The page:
The Government of Canada is acknowledged and congratulated on the placement options outlined in the National Directive for the Detention or Housing of Minors, and the latest policy on alternatives to detention, especially measures that provide for unconditional placement in the community. It is recommended that publicly available statistics on the use of alternatives to detention are made available to effectively assess the impact of these latest policies.

Rights 15/20

Many of the programs that support rights – including access to housing, social assistance, education, healthcare, and employment – are under provincial jurisdiction. As such, significant variations exist across provinces. All children on Canadian soil, whether they are asylum seekers, refugees or migrants, should be able to have access to the same rights as Canadian citizen children. More needs to be undertaken in Canada to achieve this aim. In particular, there is currently no firewall legislation to ensure the police are not involved in migration control.

Recommendation:

The Government of Canada is acknowledged on providing general access to housing, social assistance, education, healthcare, and employment for non-citizen children. It is also recommended that the government reduce discrepancies across provinces, and introduce firewall legislation to ensure police services do not become involved in migration control activities.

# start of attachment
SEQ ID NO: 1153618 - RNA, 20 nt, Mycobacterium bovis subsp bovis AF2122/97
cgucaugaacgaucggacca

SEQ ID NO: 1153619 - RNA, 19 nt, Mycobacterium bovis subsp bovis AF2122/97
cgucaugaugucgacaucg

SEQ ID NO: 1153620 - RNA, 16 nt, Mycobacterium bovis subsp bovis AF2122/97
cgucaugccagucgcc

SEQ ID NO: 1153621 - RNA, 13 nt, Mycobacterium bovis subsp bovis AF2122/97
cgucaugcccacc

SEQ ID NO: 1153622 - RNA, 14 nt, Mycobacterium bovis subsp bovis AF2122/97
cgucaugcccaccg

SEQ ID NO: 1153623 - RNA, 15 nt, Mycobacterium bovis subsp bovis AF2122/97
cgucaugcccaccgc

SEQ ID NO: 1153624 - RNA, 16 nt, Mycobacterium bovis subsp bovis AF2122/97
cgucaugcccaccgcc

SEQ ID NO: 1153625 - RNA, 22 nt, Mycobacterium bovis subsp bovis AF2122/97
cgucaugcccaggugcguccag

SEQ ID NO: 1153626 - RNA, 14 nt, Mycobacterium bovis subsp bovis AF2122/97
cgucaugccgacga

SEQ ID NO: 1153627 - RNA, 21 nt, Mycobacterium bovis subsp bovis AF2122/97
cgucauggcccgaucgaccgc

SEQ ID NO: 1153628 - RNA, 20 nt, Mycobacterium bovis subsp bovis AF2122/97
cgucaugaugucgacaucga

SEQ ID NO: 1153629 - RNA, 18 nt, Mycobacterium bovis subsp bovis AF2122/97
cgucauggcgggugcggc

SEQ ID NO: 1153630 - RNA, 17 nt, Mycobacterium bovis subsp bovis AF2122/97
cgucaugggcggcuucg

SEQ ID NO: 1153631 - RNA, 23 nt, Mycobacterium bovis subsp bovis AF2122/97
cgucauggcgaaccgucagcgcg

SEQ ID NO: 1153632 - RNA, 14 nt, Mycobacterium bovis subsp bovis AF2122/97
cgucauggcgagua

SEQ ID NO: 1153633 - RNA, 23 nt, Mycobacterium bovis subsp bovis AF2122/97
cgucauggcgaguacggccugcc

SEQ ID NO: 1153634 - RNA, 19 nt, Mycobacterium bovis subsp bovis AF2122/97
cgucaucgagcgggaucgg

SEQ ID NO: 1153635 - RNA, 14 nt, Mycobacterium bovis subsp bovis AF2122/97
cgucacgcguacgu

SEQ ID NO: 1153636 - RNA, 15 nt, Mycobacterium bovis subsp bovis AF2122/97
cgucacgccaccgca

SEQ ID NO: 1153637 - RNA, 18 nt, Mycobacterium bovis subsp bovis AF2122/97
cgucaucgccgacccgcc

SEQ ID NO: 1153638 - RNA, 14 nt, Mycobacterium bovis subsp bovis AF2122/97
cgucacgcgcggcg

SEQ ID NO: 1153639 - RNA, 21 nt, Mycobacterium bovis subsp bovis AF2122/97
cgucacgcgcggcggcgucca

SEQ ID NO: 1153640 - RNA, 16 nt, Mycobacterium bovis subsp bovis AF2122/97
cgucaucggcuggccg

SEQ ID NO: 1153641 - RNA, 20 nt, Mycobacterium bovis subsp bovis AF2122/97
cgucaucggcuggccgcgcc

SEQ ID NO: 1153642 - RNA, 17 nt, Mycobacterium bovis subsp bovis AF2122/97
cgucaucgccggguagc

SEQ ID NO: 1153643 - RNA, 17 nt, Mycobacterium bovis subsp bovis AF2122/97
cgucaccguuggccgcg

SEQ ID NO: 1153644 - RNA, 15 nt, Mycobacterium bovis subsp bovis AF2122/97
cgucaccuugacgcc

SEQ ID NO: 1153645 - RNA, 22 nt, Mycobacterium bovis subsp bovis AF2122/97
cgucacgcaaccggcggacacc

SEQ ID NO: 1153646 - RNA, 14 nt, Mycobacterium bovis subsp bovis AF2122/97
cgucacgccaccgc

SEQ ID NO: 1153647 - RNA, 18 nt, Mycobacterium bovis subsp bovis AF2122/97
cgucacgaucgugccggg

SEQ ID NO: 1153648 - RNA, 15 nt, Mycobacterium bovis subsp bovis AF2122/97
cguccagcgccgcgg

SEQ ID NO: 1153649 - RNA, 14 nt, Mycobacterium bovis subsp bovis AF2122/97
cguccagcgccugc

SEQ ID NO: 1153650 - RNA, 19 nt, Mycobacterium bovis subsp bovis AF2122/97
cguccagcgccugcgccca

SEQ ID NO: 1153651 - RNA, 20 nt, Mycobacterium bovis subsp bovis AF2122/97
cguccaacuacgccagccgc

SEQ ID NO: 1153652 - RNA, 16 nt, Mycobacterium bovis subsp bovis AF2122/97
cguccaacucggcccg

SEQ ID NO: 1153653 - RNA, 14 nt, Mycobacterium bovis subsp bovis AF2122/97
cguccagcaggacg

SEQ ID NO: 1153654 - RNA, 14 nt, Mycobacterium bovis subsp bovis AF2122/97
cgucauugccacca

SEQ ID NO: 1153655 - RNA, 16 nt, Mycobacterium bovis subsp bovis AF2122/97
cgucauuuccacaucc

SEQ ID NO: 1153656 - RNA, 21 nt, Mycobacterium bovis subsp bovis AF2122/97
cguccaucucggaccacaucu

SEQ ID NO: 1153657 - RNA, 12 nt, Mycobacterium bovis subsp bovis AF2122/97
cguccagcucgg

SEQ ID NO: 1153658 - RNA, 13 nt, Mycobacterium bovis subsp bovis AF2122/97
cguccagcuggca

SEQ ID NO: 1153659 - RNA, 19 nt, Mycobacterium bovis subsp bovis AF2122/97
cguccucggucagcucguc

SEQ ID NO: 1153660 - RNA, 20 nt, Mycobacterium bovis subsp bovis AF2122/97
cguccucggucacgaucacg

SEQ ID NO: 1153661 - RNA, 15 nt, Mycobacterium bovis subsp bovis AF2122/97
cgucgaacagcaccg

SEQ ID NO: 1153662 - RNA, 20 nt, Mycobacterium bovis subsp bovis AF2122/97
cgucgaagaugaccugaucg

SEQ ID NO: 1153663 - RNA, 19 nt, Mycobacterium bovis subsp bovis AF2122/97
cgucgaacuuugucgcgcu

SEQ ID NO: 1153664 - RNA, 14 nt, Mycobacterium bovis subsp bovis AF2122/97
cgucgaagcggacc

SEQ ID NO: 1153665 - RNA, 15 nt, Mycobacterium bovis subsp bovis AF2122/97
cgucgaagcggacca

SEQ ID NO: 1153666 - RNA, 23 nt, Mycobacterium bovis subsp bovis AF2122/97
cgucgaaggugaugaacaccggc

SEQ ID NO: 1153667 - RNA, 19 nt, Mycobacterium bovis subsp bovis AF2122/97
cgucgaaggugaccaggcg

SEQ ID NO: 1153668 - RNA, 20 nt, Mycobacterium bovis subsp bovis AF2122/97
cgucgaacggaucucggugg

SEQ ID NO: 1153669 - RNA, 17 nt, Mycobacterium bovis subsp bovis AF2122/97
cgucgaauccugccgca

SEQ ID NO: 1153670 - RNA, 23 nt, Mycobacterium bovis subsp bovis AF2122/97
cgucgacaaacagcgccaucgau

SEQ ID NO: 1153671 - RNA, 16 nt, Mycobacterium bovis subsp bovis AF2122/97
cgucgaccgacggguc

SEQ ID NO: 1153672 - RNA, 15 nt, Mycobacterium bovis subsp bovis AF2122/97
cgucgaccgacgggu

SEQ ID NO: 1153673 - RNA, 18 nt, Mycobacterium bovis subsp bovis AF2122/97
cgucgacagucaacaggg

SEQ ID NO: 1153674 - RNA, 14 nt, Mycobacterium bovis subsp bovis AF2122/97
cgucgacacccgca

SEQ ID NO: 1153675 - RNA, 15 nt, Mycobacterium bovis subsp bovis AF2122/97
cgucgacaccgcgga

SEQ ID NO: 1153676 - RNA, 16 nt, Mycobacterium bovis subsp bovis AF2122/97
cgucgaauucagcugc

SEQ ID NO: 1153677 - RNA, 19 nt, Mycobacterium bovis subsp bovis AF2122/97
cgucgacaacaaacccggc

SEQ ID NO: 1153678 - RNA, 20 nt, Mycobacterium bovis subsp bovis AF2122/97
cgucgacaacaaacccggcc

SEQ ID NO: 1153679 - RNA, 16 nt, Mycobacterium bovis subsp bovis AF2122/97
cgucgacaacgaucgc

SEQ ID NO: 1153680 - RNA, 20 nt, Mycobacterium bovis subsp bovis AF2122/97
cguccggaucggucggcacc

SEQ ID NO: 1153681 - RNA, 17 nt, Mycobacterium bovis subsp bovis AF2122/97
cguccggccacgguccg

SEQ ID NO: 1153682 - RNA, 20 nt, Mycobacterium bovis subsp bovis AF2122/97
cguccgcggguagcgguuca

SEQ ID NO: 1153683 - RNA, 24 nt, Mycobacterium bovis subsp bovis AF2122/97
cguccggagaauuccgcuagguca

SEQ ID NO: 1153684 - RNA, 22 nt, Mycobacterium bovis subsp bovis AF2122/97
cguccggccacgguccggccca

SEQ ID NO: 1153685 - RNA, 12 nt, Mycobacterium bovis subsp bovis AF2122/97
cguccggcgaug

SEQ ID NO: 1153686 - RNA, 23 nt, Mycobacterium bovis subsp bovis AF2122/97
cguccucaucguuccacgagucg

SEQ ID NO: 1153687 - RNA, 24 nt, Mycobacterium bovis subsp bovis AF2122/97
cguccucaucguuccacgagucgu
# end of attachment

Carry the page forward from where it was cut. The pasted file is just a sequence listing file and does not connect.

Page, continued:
Oversight 9/12

A recent external audit, commissioned by the Chair of the Immigration and Refugee Board, indicates that a significant and substantive reform of detention review system is necessary. The Immigration Division of the Immigration and Refugee Board, a quasi-judicial tribunal undertakes detention review hearings. Although these reviews are scheduled regularly, the process does not provide adequate legal safeguards against arbitrary detention. Tribunal adjudicators are not bound by legal or technical rules of evidence, and the burden of proof is set up so that immigration detainees are effectively required to prove that detention is no longer warranted. This is particularly difficult given that many immigration detainees do not have legal representation at their detention review hearings. The external audit found “notable discrepancies between the expectations articulated by the courts and the practices of the [Immigration Division].”

Judicial oversight for Immigration Division decisions regarding immigration detention is available in law. However, it is resource intensive and remains inaccessible to the majority of immigration detainees. Even where judicial reviews are successful, the case is generally only sent back to the systemically flawed Immigration Division.
Finally, the National Directive for the Detention or Housing of Minors provides internal reporting mechanisms that provide oversight for child detention. Furthermore, CBSA has partnered with the Canadian Red Cross Society to provide detention monitoring. However, the CBSA is the only police force in Canada that has no civilian oversight.

Recommendation: